Early last year, the bend rock band Brave New World was in the studio, laying out basic tracks for a cover of “Last Kiss” for their self-titled debut album. The song, originally recorded by Wayne Cochran in 1961 and later popularized by artists such as Frank Wilson and the Cavaliers and Pearl Jam, is about a teenage girl who dies in a car accident on a date and is sung from her boyfriend’s perspective .

A week later, band leaders and singers Andy Fecteau and Kathy O’Hara were driving to Bend from one of their children’s soccer games in Medford when a red pickup truck pulled into their lane.

“I saw him coming; I said, “Oh, Jesus,” said Fecteau. By the time I said, ‘Oh, Jesus,’ I started steering to the right ditch and I looked up and he was walking in the same direction. I put the car back in the middle; he came back in the middle. “

Just before impact, Fecteau steered hard to the left and the truck hit the front right side of the car where O’Hara was sitting. The couple’s sons, ages 16 and 18, had minor injuries; one broke his ankle.

“My wife was – after about, we don’t know if it was 30 seconds or a minute, she started breathing again,” said Fecteau. “We were all huddled around her; we thought she died. … She was put in the car and the other man was 100 meters away on his head, we think. “

Fecteau and O’Hara spent the next year in and out of hospitals for surgeries and infections, and are still undergoing physical therapy. To top it off, COVID-19 hit Oregon two weeks after the accident, making ongoing treatment for the couple difficult after the accident.

But the music went on. A few months after the accident, O’Hara – her arm broken in 200 pieces – set the lead vocals for “Last Kiss”.

“We were traumatized and shocked,” said Fecteau. “In a way, however, it was part of the healing process. We could sing. Sometimes we couldn’t walk, we couldn’t do a lot of things; We couldn’t just do the housework. But we could stand in front of a microphone and sing. If we could do that, we would have done it. “

“A Brave New World,” released earlier this month, contains 12 original songs and four covers, including “Last Kiss”, “Breathe (2:00 am),” originally written by Anna Nalick; Jason Isbell’s “Speed ​​Trap Town” and Bob Seger’s “Fire Lake”.

The album was recorded at Central Oregon Recording with producer and engineer Matthew Fletcher, who is also the band’s lead guitarist. The rest of the group consists of drummers / percussionists Lindsey Elias and Kyle Pickard, keyboardist Patrick Ondrozeck and bassist Mike Beaulieu. The band formed about eight years ago, but the current line-up has solidified over the past three or four years, Fecteau said. Mark Ransom played guitar on two songs and wrote “Mexico” with Fecteau.

Fecteau, founder of Redbird Physio’s physiotherapy bureau and known for his work with Redbird the Band and the Church of Neil concerts, co-wrote the original songs on the album with David Zandonatti. The sounds of these earlier projects infiltrate “A Brave New World”, from the crunching guitars of “Man Gone Bad” and “Constantly Asking” to blues rockers like “Circle of Love” and even improvised punk (Hidden Track) ”Kastrierte Chihuahua “).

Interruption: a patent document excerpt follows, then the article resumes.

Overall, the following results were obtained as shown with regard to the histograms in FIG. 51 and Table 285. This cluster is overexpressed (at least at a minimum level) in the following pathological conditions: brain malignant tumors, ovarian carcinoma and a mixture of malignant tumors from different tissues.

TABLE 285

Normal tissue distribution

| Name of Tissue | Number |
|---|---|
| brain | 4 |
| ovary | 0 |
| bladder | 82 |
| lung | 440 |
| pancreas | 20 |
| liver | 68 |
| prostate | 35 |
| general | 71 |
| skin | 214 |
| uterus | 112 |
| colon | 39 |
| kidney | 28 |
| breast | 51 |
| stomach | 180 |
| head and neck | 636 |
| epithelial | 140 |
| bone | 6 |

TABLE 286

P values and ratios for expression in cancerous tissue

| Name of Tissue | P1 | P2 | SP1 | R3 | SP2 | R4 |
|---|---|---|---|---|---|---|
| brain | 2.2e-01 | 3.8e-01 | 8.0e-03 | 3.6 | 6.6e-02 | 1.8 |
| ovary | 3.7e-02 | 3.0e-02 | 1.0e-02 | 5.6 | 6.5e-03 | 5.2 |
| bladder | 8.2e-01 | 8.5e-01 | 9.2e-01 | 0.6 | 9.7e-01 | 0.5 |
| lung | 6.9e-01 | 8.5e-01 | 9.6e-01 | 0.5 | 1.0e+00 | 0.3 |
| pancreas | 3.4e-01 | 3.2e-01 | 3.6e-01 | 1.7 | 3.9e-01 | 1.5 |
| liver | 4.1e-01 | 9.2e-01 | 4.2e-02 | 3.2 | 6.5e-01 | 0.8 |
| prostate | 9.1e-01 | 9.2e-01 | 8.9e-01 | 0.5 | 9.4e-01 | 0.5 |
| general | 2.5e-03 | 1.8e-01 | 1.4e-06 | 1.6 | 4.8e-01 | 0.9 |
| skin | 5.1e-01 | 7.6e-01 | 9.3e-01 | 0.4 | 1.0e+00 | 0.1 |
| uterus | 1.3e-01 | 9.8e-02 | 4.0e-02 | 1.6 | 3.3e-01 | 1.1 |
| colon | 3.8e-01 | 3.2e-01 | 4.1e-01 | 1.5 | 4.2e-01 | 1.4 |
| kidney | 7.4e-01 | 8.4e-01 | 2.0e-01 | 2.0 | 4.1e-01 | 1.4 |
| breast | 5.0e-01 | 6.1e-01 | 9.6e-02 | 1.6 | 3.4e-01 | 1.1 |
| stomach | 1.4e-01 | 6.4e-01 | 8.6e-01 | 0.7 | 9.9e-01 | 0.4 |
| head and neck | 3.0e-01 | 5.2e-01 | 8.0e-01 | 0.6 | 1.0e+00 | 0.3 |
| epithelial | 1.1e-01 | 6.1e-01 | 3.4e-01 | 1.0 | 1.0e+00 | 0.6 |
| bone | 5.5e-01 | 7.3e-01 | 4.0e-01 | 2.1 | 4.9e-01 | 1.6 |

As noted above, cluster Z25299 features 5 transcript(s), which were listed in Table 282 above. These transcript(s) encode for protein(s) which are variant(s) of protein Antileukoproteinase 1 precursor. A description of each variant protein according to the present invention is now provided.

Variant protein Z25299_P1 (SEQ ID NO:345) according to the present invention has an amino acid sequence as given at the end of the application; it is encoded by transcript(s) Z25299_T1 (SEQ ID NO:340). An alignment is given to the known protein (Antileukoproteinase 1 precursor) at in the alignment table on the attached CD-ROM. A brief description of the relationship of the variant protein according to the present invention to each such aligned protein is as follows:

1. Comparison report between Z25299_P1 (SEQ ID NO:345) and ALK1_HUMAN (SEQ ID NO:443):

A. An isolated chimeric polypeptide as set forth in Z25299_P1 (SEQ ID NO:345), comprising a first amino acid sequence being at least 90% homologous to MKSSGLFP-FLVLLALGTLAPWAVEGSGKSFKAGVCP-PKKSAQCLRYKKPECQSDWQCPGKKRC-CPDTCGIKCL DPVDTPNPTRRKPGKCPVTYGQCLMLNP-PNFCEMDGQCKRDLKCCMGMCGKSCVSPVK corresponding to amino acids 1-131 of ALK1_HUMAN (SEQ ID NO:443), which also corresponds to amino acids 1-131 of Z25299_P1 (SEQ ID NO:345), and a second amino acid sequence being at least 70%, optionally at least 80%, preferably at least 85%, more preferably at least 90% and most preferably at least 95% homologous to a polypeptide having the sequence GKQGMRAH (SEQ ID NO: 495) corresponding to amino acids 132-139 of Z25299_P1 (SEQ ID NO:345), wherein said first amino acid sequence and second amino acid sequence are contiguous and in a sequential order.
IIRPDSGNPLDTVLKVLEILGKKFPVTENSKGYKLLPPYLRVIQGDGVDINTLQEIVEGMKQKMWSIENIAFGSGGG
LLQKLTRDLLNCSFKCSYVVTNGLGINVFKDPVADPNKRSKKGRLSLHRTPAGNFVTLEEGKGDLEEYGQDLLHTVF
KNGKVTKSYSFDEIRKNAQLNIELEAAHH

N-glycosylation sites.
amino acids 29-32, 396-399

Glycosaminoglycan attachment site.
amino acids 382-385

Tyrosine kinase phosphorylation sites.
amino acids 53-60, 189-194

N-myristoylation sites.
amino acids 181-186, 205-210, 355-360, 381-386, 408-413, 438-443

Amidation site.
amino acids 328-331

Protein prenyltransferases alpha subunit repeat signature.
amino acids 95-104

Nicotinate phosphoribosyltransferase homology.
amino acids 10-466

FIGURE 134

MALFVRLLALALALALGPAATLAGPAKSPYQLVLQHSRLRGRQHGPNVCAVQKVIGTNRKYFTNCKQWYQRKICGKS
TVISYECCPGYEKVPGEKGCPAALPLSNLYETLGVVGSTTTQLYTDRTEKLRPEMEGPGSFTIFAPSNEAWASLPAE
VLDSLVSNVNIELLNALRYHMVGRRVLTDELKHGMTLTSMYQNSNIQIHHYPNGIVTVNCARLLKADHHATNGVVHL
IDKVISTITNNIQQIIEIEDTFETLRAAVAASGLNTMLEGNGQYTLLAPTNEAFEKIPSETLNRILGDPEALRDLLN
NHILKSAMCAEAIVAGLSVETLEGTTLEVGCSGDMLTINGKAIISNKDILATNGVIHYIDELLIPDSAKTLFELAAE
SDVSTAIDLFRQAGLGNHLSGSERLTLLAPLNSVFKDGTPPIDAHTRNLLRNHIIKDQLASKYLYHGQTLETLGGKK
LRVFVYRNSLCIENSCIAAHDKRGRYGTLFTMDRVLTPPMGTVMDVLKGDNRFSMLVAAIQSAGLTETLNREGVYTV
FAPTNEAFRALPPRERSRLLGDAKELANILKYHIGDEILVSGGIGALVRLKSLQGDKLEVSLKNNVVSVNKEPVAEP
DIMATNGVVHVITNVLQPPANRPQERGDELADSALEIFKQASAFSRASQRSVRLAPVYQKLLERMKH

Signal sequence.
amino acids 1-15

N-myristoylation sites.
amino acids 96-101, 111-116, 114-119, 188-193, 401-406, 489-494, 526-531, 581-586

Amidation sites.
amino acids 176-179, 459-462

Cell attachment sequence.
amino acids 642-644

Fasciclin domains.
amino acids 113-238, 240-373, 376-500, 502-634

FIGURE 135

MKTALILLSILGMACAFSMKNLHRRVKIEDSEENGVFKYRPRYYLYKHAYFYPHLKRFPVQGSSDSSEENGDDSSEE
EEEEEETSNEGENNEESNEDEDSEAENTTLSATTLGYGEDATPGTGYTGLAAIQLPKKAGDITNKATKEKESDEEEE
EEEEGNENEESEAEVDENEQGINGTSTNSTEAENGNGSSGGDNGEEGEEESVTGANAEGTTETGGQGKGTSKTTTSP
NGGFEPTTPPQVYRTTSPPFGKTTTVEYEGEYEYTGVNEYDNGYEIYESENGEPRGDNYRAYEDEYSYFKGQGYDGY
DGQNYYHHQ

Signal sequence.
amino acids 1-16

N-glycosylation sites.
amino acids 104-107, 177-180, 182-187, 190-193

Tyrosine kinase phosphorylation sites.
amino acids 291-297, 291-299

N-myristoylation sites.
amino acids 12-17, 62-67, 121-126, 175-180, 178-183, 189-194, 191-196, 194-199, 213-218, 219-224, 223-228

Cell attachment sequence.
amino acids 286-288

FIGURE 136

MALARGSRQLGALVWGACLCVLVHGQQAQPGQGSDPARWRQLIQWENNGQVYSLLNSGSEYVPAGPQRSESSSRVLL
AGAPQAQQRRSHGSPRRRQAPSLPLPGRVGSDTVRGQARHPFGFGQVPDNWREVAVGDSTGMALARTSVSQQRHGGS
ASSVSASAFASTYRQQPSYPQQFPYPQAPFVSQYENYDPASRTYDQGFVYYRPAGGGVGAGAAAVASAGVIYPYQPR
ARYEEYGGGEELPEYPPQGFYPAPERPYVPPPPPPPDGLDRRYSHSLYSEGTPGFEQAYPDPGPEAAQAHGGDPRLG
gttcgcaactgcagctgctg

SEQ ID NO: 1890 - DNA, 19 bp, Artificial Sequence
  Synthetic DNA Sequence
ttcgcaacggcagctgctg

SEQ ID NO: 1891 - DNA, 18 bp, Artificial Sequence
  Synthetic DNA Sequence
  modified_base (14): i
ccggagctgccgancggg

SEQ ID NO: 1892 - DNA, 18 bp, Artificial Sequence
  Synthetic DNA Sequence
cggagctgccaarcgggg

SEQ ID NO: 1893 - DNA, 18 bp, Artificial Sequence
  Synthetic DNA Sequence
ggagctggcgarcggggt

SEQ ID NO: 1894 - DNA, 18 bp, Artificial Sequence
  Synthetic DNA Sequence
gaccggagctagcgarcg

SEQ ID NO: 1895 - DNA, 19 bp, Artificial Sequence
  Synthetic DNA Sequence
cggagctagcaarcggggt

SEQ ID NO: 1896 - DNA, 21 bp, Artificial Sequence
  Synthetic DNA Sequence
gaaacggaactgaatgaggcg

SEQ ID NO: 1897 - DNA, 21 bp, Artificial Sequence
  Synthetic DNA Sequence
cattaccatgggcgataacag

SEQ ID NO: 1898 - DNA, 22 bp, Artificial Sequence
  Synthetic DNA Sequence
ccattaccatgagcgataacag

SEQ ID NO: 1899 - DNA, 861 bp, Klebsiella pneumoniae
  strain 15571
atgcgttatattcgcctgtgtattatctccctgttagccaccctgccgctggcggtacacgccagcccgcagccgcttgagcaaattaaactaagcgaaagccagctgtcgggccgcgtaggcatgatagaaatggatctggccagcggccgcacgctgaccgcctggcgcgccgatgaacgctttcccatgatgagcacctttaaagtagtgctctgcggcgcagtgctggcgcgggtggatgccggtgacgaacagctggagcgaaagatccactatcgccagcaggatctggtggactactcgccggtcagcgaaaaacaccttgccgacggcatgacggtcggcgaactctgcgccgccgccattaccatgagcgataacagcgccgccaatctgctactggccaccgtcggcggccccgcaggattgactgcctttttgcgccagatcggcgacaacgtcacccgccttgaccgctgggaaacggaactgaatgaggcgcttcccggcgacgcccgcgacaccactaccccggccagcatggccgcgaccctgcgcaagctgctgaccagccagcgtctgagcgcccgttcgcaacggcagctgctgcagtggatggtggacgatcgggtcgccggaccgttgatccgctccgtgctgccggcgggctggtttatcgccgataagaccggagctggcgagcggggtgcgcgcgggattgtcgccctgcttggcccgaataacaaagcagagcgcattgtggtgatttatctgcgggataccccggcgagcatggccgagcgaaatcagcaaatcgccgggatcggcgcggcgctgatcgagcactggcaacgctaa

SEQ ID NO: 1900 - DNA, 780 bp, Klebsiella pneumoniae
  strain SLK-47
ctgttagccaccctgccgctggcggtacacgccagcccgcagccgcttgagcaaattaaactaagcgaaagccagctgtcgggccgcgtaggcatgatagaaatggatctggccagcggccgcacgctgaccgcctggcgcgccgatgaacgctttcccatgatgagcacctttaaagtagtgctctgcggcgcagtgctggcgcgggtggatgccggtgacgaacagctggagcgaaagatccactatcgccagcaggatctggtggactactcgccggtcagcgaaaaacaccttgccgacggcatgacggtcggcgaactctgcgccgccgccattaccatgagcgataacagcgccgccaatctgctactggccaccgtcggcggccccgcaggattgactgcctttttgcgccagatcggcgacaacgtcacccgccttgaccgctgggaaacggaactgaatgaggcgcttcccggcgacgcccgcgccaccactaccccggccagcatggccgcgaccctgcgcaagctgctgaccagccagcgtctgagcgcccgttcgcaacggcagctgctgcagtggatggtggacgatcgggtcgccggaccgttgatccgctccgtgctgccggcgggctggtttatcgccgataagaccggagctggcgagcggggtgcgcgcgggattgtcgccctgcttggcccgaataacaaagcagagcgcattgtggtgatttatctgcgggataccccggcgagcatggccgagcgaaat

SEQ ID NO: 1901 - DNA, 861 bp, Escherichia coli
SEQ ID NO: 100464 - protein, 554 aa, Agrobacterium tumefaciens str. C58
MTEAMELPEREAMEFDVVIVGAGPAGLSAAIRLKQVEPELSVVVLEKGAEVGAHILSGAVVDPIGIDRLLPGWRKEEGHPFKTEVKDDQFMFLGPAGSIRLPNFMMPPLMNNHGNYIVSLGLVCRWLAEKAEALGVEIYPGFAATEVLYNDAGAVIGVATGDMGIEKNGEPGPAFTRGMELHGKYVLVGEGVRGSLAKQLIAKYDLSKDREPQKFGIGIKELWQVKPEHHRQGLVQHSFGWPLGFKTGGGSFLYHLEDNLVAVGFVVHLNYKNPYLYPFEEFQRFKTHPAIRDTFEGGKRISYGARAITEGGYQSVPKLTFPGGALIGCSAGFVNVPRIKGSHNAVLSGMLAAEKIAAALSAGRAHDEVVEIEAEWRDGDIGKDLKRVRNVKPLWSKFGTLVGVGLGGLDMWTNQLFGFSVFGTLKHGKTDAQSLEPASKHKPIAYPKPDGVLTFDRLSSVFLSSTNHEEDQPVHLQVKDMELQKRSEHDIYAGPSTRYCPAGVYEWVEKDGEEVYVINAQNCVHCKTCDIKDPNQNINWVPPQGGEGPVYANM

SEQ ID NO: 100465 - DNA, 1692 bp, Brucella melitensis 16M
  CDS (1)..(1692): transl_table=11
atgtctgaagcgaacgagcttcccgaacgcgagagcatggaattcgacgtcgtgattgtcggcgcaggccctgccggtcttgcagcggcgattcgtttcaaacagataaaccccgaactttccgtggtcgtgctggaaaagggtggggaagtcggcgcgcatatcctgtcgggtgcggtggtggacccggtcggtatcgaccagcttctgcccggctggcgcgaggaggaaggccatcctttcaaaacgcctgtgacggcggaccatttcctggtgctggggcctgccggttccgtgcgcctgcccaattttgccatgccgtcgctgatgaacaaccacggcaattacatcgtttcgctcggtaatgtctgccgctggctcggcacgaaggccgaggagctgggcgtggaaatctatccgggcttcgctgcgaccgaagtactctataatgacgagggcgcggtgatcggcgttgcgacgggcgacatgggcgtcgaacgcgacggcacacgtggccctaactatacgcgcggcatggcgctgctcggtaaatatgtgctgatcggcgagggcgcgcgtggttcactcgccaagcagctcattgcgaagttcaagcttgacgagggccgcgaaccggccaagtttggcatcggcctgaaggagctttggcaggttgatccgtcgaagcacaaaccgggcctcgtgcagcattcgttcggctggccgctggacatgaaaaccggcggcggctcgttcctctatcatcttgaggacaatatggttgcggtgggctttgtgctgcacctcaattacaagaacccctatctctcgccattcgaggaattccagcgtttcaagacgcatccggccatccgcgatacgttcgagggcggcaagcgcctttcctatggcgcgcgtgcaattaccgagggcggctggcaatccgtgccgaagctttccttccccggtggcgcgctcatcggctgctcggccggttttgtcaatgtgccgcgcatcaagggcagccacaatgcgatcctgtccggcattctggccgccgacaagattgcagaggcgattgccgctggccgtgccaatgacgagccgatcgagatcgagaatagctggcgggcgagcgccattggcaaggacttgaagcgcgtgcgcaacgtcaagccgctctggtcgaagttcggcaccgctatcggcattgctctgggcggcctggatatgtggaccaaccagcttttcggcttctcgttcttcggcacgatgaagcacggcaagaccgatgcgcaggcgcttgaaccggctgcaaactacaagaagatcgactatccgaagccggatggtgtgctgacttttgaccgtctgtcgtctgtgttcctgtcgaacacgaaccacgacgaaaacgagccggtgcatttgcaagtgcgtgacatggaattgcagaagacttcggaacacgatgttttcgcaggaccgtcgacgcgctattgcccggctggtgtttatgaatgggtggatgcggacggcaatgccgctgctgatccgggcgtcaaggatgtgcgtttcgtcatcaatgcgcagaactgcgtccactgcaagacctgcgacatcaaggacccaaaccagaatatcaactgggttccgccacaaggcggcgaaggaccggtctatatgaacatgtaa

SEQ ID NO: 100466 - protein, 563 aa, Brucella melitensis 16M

Many of these songs have taken on new meanings since the accident.

“Everyone writes with a certain amount of self-reflection, but it kind of comes from the airwaves to you,” said Fecteau. “The antenna is high and a song hits you. But then after going through all of this and singing it … it’s funny, you didn’t even really know what you were singing about because you are really there now. Now you have arrived. You got knocked down. When you sing this song, that blues song ‘Circle of Love’, then that’s a whole different place to sing when things are good than when you really need the blues. “

Coincidentally, Fecteau and O’Hara were both physical therapists prior to the accident and were treated at Redbird Physio with Aaron Lenard and Chris Stanley, respectively. But nobody will be able to practice again, they said.

“We have permanent damage, permanent deficits,” said Fecteau. “But there is one advantage that we both felt at – after going through the first tough six months, this gives you a different side that makes you feel very lucky to be alive. And most of all, we just looked after our kids, and our kids pretty much went through scratches compared to what happened. “

O’Hara not only shattered her right arm, but also had a concussion and three broken ribs. She underwent emergency surgery (she was operated three times in total) and now has four metal plates and 21 screws in her arm.

“I was kind of hopeful, like, ‘Oh, will I ever be pain free, or will I always be in pain?'” Said O’Hara. “Part of me says when your arm is broken into 200 pieces, can you really expect to be pain free? I do not believe that. … I am probably 60 to 70% what I was before the accident. I can run I am an avid runner, but I still have pain when running. “

Fecteau’s thumb was broken and it damaged his right ankle, knee and back. He had an operation on his thumb a few days after the accident, and a few months later on his ankle and knee, but developed a staph infection in his right knee.

“Because of my athletic activities, I’ve had some other major surgeries in my history,” said Fecteau, “but that process was a whole other level of submitting myself to the process with some humility, patience, and acceptance of the day-to-day condition.” .

“… We have been treating patients for 30 years. We saw people like us, but we never expected to be people like us. It gives you a whole different level of understanding of how fragile life can be. “